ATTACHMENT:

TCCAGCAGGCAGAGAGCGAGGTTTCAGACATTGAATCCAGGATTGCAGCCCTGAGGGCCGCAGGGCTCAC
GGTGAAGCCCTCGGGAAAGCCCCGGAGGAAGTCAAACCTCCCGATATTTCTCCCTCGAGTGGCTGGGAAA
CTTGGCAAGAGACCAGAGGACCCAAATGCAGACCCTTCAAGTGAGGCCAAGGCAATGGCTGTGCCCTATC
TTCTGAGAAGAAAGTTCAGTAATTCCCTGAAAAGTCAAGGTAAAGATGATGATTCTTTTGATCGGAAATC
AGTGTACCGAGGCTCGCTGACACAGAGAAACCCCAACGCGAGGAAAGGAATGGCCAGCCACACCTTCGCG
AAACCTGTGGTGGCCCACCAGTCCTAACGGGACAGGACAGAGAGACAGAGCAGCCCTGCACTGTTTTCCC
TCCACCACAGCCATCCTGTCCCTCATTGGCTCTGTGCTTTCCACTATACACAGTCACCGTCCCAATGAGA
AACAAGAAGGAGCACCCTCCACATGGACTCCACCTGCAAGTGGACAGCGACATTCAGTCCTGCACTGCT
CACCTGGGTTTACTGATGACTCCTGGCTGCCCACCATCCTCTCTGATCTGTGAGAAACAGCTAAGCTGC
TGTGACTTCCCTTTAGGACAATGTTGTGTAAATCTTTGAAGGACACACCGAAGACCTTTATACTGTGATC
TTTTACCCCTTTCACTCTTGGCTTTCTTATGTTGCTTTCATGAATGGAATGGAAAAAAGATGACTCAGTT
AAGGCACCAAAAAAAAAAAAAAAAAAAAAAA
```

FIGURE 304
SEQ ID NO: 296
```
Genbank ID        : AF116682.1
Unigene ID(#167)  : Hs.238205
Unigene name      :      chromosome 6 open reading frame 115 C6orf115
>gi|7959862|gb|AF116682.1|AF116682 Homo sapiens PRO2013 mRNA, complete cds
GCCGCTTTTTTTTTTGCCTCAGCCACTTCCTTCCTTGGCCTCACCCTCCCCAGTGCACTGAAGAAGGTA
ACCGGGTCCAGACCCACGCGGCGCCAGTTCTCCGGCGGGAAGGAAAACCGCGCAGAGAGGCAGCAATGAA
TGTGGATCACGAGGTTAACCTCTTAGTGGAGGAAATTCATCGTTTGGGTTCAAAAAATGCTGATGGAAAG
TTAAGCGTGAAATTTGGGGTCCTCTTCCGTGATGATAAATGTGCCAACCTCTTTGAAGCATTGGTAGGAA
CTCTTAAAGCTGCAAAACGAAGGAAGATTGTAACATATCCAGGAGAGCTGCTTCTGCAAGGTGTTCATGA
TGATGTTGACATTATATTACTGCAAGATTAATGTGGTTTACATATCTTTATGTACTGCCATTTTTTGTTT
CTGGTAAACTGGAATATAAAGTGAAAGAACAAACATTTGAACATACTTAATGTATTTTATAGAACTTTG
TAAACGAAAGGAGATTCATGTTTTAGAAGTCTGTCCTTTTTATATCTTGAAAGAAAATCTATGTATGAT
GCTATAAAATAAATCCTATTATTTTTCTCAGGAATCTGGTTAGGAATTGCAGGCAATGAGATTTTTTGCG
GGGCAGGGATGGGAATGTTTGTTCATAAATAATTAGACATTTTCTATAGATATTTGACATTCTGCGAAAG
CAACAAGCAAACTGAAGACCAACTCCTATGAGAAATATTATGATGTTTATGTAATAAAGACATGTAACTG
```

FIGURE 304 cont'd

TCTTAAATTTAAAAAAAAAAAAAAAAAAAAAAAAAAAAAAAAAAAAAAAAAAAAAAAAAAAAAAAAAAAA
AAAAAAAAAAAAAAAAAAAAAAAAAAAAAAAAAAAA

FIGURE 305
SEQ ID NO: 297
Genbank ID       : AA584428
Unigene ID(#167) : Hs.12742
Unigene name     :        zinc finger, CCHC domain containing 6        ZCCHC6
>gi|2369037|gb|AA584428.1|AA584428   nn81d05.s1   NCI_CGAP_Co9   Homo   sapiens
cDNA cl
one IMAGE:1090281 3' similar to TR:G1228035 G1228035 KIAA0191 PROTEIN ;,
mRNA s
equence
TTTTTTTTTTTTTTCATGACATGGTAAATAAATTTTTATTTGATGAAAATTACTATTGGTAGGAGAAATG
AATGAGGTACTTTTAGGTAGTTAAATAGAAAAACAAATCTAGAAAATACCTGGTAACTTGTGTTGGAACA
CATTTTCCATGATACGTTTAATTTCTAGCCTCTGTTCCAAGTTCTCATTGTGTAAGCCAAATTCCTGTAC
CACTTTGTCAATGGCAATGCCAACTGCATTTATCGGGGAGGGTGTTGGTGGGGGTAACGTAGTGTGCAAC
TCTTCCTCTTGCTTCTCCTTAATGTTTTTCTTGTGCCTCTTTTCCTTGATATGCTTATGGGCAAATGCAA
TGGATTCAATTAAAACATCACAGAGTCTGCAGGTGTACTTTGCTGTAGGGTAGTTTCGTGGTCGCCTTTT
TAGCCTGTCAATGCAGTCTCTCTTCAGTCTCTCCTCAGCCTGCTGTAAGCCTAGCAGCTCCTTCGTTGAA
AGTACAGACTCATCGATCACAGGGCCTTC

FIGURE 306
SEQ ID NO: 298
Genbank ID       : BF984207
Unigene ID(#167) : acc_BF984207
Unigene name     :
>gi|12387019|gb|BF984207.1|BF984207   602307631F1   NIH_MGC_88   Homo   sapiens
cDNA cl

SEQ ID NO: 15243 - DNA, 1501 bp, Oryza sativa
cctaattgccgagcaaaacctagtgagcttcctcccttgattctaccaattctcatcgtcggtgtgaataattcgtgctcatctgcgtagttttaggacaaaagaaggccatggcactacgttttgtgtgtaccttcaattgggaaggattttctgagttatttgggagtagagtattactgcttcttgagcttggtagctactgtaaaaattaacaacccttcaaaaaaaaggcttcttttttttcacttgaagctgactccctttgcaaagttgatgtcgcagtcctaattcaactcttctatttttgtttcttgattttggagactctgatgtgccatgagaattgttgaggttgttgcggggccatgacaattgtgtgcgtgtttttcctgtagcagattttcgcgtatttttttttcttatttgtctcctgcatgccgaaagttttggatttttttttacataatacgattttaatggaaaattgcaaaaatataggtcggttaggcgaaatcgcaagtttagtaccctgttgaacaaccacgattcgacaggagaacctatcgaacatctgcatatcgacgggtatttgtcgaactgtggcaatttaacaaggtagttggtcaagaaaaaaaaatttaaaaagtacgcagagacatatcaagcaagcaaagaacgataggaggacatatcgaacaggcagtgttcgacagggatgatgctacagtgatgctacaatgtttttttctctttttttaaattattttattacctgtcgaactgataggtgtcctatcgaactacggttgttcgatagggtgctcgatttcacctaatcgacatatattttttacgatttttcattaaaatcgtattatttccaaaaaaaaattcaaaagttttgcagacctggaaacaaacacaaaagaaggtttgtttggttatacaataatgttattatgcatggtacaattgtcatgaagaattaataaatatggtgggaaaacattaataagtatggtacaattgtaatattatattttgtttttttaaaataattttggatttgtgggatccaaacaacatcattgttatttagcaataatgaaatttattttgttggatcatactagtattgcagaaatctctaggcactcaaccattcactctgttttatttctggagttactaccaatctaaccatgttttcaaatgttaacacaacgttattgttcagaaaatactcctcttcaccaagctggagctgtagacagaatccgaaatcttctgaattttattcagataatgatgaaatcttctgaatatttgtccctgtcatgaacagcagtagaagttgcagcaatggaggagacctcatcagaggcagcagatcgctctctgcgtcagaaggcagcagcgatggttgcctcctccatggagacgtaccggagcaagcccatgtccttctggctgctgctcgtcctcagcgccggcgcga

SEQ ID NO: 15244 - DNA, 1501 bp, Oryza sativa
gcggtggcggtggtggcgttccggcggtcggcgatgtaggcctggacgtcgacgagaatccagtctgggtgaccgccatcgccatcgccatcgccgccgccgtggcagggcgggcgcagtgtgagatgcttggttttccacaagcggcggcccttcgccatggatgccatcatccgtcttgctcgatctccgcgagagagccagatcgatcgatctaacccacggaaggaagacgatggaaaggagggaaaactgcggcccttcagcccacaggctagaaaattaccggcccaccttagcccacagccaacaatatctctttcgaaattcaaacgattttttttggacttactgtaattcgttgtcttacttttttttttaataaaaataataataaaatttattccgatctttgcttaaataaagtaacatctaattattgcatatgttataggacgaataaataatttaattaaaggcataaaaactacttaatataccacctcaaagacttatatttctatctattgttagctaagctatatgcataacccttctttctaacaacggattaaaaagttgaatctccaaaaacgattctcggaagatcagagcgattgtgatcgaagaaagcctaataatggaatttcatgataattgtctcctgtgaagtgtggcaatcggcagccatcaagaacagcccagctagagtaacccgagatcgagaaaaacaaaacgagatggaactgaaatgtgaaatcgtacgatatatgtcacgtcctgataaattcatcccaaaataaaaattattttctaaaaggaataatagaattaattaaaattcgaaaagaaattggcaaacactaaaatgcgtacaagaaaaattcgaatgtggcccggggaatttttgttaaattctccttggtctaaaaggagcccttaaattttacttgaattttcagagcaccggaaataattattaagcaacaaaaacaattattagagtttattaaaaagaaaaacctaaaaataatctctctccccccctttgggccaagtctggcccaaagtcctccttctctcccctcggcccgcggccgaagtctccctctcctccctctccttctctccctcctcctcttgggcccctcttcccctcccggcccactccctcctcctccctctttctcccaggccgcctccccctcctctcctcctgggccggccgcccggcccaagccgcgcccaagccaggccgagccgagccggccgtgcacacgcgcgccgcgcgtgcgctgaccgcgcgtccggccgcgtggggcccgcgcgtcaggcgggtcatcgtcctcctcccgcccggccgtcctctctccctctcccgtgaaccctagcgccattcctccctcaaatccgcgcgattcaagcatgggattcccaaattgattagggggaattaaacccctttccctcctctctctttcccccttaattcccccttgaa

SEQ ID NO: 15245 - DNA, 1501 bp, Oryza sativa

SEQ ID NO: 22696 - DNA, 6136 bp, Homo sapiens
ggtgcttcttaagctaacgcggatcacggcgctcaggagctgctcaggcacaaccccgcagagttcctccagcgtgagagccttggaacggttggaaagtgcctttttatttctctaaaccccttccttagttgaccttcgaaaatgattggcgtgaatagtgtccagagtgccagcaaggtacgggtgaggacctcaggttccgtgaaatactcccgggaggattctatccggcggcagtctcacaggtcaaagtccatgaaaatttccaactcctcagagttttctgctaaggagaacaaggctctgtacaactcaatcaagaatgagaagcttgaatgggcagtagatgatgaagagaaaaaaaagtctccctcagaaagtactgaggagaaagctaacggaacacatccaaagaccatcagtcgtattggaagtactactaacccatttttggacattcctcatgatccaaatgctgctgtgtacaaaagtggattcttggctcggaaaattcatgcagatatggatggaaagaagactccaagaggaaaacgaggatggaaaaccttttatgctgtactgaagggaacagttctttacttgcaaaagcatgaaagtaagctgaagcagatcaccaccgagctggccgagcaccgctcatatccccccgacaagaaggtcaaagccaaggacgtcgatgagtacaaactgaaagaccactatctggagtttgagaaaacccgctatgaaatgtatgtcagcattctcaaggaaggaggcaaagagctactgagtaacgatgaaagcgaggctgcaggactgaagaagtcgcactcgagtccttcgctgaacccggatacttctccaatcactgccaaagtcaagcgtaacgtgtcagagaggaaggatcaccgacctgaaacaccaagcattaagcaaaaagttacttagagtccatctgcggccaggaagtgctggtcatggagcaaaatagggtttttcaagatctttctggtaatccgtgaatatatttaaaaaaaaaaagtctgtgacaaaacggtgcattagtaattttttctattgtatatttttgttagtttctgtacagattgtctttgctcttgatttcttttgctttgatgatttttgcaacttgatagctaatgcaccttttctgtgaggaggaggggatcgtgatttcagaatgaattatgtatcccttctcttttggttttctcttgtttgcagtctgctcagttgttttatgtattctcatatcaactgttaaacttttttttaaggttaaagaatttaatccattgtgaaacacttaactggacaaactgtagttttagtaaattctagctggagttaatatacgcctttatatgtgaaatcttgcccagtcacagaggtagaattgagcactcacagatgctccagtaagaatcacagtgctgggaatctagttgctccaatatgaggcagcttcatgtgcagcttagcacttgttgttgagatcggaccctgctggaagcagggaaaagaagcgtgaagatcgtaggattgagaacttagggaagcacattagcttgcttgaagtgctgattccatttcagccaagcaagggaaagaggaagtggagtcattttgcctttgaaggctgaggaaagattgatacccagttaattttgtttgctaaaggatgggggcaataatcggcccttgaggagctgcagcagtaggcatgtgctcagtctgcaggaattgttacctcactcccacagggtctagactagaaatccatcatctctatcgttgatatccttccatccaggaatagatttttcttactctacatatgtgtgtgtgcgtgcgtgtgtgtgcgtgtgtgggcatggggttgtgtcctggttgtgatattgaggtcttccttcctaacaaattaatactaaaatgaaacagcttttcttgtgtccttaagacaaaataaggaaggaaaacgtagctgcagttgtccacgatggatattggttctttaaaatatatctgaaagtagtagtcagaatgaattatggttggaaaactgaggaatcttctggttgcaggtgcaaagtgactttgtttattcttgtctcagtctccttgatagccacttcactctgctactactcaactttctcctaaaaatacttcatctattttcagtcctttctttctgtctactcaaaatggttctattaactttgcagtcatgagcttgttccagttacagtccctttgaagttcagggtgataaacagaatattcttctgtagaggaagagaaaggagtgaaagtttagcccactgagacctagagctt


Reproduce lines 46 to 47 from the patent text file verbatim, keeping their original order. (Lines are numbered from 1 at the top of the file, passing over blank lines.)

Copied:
TTTTTTTTTTTTTTCATGACATGGTAAATAAATTTTTATTTGATGAAAATTACTATTGGTAGGAGAAATG
AATGAGGTACTTTTAGGTAGTTAAATAGAAAAACAAATCTAGAAAATACCTGGTAACTTGTGTTGGAACA